How to Complete Any Assignment in 5 Steps
You’ve been given an assignment in class and you sit down at your computer to pound it out when suddenly it hits you: you have no idea how to get started. The blank page taunts you. But there’s no need to panic. Whether you’re suffering from writer’s block or you just don’t know enough about the assignment, a systematic approach can help you move forward. Try these five steps to start completing any class assignment.
Start with Your Main Point
The first step is to settle on your thesis. A thesis statement expresses the main point you are trying to prove in your paper. More than just the subject of the paper, the thesis statement should convey your point of view about the subject matter. Don’t be afraid to take a decisive stance. Be sure to make your thesis succinct– ideally you want to be able to state your thesis clearly in one straight-forward, no-frills sentence. If you can’t sum up your thesis in one brief sentence, then you’re likely overcomplicating the situation. If you feel stuck, check out Ashford’s Thesis Generator to help you develop the perfect thesis.
Sketch It Out
Next, you’ll want to draft up an outline for the entire paper. The good news is you’ve already written the first item in your outline: your thesis. After the thesis, the majority of the outline should contain the specific arguments you plan to make in support of your thesis. If possible, include the sources you plan to cite to substantiate your arguments. Wrap up the outline with the conclusion you hope to reach. The conclusion should restate the thesis, and it must be supported by the evidence you’ve presented in the rest of the outline.
Many writers loathe the outlining process because it’s boring and it goes against a natural instinct to roll up their sleeves and jump right into the writing. But outlining is an important step that will save you some headaches down the road. The point of a good outline is to organize your thoughts. If done correctly, it should produce a stronger paper with a logical argument that builds to a convincing conclusion.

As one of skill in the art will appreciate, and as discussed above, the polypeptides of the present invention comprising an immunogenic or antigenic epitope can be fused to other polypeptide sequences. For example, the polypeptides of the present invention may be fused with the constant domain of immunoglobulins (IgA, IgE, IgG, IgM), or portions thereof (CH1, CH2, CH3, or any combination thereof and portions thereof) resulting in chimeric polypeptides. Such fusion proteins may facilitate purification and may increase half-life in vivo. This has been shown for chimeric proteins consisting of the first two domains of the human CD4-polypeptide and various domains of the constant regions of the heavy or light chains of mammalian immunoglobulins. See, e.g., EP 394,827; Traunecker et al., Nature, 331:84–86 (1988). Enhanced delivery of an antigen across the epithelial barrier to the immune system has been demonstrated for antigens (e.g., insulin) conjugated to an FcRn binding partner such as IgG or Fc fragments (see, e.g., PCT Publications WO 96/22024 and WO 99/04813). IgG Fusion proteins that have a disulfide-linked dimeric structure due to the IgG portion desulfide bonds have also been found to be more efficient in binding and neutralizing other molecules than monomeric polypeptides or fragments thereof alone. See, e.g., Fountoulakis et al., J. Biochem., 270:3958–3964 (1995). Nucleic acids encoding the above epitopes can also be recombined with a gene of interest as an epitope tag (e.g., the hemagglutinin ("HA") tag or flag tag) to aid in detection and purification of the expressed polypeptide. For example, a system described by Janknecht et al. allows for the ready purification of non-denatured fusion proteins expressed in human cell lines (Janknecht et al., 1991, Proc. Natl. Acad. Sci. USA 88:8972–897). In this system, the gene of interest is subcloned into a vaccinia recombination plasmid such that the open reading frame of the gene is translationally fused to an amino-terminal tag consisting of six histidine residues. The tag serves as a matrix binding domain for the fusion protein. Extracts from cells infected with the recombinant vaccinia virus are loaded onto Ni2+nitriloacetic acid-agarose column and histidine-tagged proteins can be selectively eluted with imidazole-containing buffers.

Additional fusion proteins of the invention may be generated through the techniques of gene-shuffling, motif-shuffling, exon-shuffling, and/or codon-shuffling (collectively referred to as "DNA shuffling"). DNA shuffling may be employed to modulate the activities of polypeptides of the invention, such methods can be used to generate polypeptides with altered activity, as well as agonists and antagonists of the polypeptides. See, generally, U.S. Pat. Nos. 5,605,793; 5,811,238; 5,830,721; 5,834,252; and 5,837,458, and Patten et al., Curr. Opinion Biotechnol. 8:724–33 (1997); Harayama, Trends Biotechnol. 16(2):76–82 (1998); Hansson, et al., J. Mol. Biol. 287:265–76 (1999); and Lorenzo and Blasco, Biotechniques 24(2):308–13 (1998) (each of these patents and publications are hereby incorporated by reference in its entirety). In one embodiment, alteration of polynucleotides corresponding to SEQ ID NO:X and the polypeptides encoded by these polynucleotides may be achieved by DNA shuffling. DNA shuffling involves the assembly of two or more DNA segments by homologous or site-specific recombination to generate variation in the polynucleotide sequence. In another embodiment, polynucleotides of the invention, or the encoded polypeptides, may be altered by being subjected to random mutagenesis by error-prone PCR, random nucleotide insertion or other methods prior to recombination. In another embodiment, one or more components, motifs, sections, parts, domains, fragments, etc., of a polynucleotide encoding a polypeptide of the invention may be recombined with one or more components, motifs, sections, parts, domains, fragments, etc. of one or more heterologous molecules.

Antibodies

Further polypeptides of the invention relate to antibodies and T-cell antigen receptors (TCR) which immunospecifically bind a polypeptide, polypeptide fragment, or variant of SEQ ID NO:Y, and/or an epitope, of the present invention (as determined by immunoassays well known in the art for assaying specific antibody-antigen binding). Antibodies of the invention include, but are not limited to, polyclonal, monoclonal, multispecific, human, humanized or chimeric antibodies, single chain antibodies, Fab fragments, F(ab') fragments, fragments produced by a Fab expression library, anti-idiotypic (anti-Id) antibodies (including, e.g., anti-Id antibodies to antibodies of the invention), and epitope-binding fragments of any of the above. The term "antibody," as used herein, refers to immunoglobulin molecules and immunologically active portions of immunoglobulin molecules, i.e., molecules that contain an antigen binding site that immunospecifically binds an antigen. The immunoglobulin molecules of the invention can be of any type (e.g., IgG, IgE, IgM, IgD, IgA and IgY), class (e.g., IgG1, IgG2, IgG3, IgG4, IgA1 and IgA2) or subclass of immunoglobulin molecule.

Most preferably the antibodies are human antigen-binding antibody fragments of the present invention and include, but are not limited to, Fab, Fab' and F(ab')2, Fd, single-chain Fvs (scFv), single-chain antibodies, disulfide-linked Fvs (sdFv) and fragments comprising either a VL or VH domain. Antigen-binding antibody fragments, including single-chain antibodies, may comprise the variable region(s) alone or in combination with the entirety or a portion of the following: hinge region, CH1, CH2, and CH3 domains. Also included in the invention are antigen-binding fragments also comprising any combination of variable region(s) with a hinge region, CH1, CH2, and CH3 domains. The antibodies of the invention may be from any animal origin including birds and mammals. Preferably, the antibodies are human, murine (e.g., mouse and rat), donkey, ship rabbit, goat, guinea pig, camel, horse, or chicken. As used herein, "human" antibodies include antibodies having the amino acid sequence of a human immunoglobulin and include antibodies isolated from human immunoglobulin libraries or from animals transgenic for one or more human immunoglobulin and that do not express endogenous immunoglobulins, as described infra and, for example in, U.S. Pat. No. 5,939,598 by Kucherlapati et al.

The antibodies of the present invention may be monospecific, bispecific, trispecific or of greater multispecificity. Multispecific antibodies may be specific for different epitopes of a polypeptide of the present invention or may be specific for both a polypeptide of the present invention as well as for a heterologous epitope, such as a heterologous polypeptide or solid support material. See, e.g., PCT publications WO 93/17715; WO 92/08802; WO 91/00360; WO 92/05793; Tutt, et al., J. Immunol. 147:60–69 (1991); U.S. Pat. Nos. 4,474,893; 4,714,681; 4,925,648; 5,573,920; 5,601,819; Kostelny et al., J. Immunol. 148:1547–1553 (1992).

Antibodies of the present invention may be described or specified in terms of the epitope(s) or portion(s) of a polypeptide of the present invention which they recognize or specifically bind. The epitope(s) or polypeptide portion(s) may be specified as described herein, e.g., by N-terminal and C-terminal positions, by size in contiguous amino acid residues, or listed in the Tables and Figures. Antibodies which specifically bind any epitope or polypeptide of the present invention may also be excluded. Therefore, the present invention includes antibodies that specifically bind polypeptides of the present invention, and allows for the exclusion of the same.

Find Your Facts
Depending on your style and your familiarity with the subject matter, you may want to incorporate the research step earlier on in your process. If you don’t know too much about the topic you’re addressing, then you’ll probably have to do your research before you form a thesis or settle on an outline. No matter when you do it, you will have to research your topic. An academic paper cannot be based solely on your opinions—you must back it up with research.
You have many resources available for research, like the Ashford University Library. Since it’s an online library, it’s open all day every day offering 24/7 assistance, and the library is accessible from all your mobile devices. The library includes journals, articles, newspapers, videos, and research guides to help you find what you need.
The internet is full of possible sources as well. Type your topic into any search engine and you’re bound to be inundated with information. Be careful with sources pulled from the internet though. You only want to cite from sources that are trustworthy and reputable. Look for scholarly journals, university publications, and well-known news sites.
Put Pen to Paper
You are finally ready to start writing. Now you will reap the benefits of all the legwork you did to prepare. Basically, you’re adding meat to the bones of the outline you wrote. The more detailed your outline is, the easier it will be to flesh out your paper. Focus on transitioning from one point to the next, ensuring that you are building a compelling case. Keep your thesis handy and refer back to it if you get stuck. Everything you write should support your thesis and the conclusion you are working toward.
If you’re intimidated by the prospect of writing a paper, Ashford offers help for that, too. Check out the Ashford Writing Center. The writing tutors are available 24/7 and they can provide advice on improving your writing skills, formatting papers in the APA style, and more.
Take a Second Look
So you finished writing your paper. You’re not done yet. No matter how great a writer you are, you should never turn in a first draft. Reread your draft carefully, looking for typos, factual errors, and the overall strength of your argument. If possible, try to look at the paper with fresh eyes after a good night’s sleep. You might notice problems in the morning that eluded you the previous day.
The Ashford Writing Center can also help you with this step. It offers a paper review feature that will provide valuable feedback on your assignment before you turn it in. Another good tool to know about is Grammarly. This site will scan your paper for spelling and grammatical errors.
If you follow the five steps above, you should be able to plot your way out of any bout of writer’s block. More importantly, you should also end up with a strong paper that you can submit with confidence.
Written by Erik Siwak, Communications Manager for Bridgepoint Education